such a wonderful thing possible.
They were able to aid in "curing"
two deserving individuals of
their diabetes.
Following lunch, Bonita thanked
each Guild member for a
wonderful year as president and
told them, from her heart, there
was not one person in the room
that did not come through for
her. She thanked them not only
for that, but for all of their hard
work throughout the year.
Bonita then presented Dr. Gill
with three donations for the
Center including the annual
$40,000 gift, the final $50,000
payment of The Guild’s $100,000
pledge for a room at the new
Center and finally $25,000 in
memory of Marvin Davis.
Following Bonita’s remarks,
Chrissy Lerner presented her
with the traditional gift to an
outgoing president of a gold
bracelet, which symbolizes an
unbroken circle of leadership
and caring over the past 26
The Guild of the Children’s
Diabetes Foundation at
Denver raises funds for
clinical and research
programs for the Barbara
Davis Center for Childhood
Diabetes. The Guild
promotes diabetes
awareness and education;
assists families in need;
provides continuing
education scholarships
and sponsors social
activities for children and
their families.
Guild Guide
think of the signs and symptoms
of diabetes.
L-R: Chris Foster, President-Elect; Lisa Corley, Treasurer-Elect; Margy Epke, President; Gina AbouJaoude, Recording Secretary; Lyn Schaffer, Treasurer; Adrienne Fitzgibbons, Corresponding Secretary.
Guild Guide
Tips for College Students: A
shopping list, sick-day
guidelines and how to tell your
roommate about diabetes for
college students and anyone else
going out on their own.
nce again, the
Education and
Public Awareness
Committee, along
with the BDC
staff, has been very busy
sending out informational
material to all public and private
schools in Colorado with the
Dating? Engaged? Married?:
Information about relationships
and diabetes.
Also, as many of you are aware,
children of high school age are
preparing for the ACT exam.
You may be interested to know
about special accommodations
for students with diabetes. For
more information visit
www.Actstudent.org and follow
the directions below.
1. Click on Registration
2. Click on Services for
Students with Disabilities
3. Click on National Center
Testing #1: Standard-Time
National Testing With
Accommodations. You will
find their policy in this
section (information for
people with diabetes is in the
second paragraph).
Please visit our website
to view information under the
“Education” link. Topics at this
site include:
What is Diabetes?: Learn about
the different types of diabetes,
symptoms and complications.
School Health Plan Information:
Everything you need to send
your child with diabetes to
school. Printable health plans,
parent check list.
Plan Before a Medical
Emergency: Tips on how to plan
for a medical emergency before
it occurs.
survey was
mailed to BDC
patients between
the ages of 13-17,
which addressed
patient interests in getting
together with other BDC
patients and what type of group
activities would interest them.
Another survey was mailed to
the young adult group (ages 1825) asking if they might be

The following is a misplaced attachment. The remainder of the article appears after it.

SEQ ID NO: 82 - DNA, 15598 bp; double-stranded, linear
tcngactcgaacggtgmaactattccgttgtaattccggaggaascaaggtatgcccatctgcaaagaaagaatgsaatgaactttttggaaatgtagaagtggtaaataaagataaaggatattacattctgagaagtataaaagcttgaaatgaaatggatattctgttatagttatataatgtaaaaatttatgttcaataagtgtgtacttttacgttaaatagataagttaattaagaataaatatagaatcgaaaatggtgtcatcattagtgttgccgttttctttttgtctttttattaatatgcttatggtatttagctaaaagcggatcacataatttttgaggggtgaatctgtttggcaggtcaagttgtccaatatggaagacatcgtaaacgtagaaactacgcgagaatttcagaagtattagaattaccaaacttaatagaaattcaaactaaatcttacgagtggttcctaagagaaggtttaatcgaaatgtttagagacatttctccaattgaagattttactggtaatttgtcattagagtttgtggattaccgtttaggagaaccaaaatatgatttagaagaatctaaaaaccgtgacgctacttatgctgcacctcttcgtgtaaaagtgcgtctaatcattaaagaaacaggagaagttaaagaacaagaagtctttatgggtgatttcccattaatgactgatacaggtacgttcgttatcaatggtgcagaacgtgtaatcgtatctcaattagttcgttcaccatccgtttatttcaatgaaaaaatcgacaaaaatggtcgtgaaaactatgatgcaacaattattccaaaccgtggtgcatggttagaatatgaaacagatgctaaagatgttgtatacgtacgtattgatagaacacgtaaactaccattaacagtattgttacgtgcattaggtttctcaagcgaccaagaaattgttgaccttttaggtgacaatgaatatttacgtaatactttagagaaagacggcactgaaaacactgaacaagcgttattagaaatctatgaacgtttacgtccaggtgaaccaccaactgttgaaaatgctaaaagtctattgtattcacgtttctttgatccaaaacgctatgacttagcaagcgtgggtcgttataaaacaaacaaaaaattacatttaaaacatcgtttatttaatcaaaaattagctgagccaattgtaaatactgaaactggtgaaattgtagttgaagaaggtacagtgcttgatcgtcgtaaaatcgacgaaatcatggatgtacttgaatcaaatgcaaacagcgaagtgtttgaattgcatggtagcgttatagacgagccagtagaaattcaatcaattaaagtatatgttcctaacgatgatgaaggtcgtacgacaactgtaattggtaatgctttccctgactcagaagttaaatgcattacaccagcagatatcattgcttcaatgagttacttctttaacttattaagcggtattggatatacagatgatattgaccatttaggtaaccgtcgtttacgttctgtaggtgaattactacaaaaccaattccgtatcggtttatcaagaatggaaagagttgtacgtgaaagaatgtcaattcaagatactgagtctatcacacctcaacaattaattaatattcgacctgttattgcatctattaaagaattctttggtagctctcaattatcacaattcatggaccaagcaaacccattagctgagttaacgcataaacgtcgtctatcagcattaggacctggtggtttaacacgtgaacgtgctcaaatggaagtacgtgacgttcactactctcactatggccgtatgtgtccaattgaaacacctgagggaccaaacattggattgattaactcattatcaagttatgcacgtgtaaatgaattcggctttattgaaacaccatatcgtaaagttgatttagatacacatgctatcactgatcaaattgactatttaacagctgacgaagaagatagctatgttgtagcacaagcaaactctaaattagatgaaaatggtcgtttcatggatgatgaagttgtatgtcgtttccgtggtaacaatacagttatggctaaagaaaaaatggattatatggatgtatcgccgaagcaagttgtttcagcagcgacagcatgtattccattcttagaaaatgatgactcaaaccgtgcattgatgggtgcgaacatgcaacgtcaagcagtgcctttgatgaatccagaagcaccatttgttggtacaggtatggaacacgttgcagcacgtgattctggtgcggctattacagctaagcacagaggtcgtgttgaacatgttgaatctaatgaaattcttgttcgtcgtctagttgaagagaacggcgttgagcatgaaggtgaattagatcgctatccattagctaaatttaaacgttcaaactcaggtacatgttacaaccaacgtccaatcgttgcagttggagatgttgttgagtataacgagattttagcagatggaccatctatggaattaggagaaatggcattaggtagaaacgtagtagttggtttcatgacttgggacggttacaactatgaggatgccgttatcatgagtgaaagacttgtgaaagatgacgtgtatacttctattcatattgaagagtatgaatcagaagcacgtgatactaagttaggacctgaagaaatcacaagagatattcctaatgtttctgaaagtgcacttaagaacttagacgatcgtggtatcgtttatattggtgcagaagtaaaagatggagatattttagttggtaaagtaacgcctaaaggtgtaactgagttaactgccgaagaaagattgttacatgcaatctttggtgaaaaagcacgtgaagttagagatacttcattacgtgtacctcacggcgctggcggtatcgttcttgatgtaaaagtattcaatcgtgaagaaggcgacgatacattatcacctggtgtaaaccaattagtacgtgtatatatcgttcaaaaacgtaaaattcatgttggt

interested in mentoring younger
patients with diabetes. If you
have any questions about this
program or if you’re interested
in receiving a survey, please
contact Ingrid Warden at
[email protected] or
BDC nurse, Susie Owen, at
[email protected] or
hen mothers
come together
amazing things
can happen! At
the October 2004
Guild Board Meeting members
were asked if they would like to
donate jewelry to raise money
for research for a cure. On the
spot, one wonderful woman gave
earrings, another a bracelet and
yet another a necklace. Quickly
we had a collection of treasures.
A committee formed and our
Jewelry ‘Trade’ was born!
The committee asked family and
friends to look through their
drawers and give any jewelry
just gathering dust to raise
money. With the help of these
generous people, we had enough
jewelry to set up a table at the
Brass Ring Luncheon and sold
hundreds of pieces raising
almost $4,000. Our supporters
not only donated, some
purchased too!
Now we are asking you!
Please reach into your jewelry
drawer and give any jewelry just
gathering dust. Your treasures
will help us help our true
‘jewels,’ children who live with
Please call! We will arrange to
pick up your jewelry donations.
Photo: kentmeireisphotography.com
If a Bead or a Pearl,
A piece of Gold or Silver,
Would help toward a cure...
Would you give from
YOUR Jewelry Drawer
To raise money to Find a Cure?
We have started Jewelry ‘Trade’
To help save our true ‘Jewels,’
Children who live with Diabetes.
We are asking you to give a piece of jewelry
Costume or Real, It does not matter.
Someone else will treasure it knowing
It will help us toward a cure.
Now won’t you reach into
your Jewelry Drawer?
Jane Kranich 303-691-1550
[email protected]
Sally Frerichs 303-744-9272
[email protected]
Gretchen Pope 303-225-4806
[email protected]
— H. Peter Chase, M.D.
I recently
heard that
some people
are mixing
Lantus and
Humalog or NovoLog (H/NL).
Is this true?
The company
advises that
Lantus always
be given alone.
However, a
group from Texas Children’s
Hospital described mixing the
Lantus and rapid-acting insulin
in the same syringe with little
difference in the subsequent
blood sugar levels. Many
families in our clinic are mixing
the two. The rapid-acting
insulin is put into the syringe
first, and then the Lantus. Some
cloudiness occurs as the two are
mixed, but this does not seem to
plug the needle. Most families
who have started mixing the two
have continued to do so with no
significant change in HbA1c.
However, some families have
thought the blood sugars higher
after mixing, and have returned
to giving the Lantus as a
separate injection. If families
are giving NPH and H/NL in the
morning, the Lantus and H/NL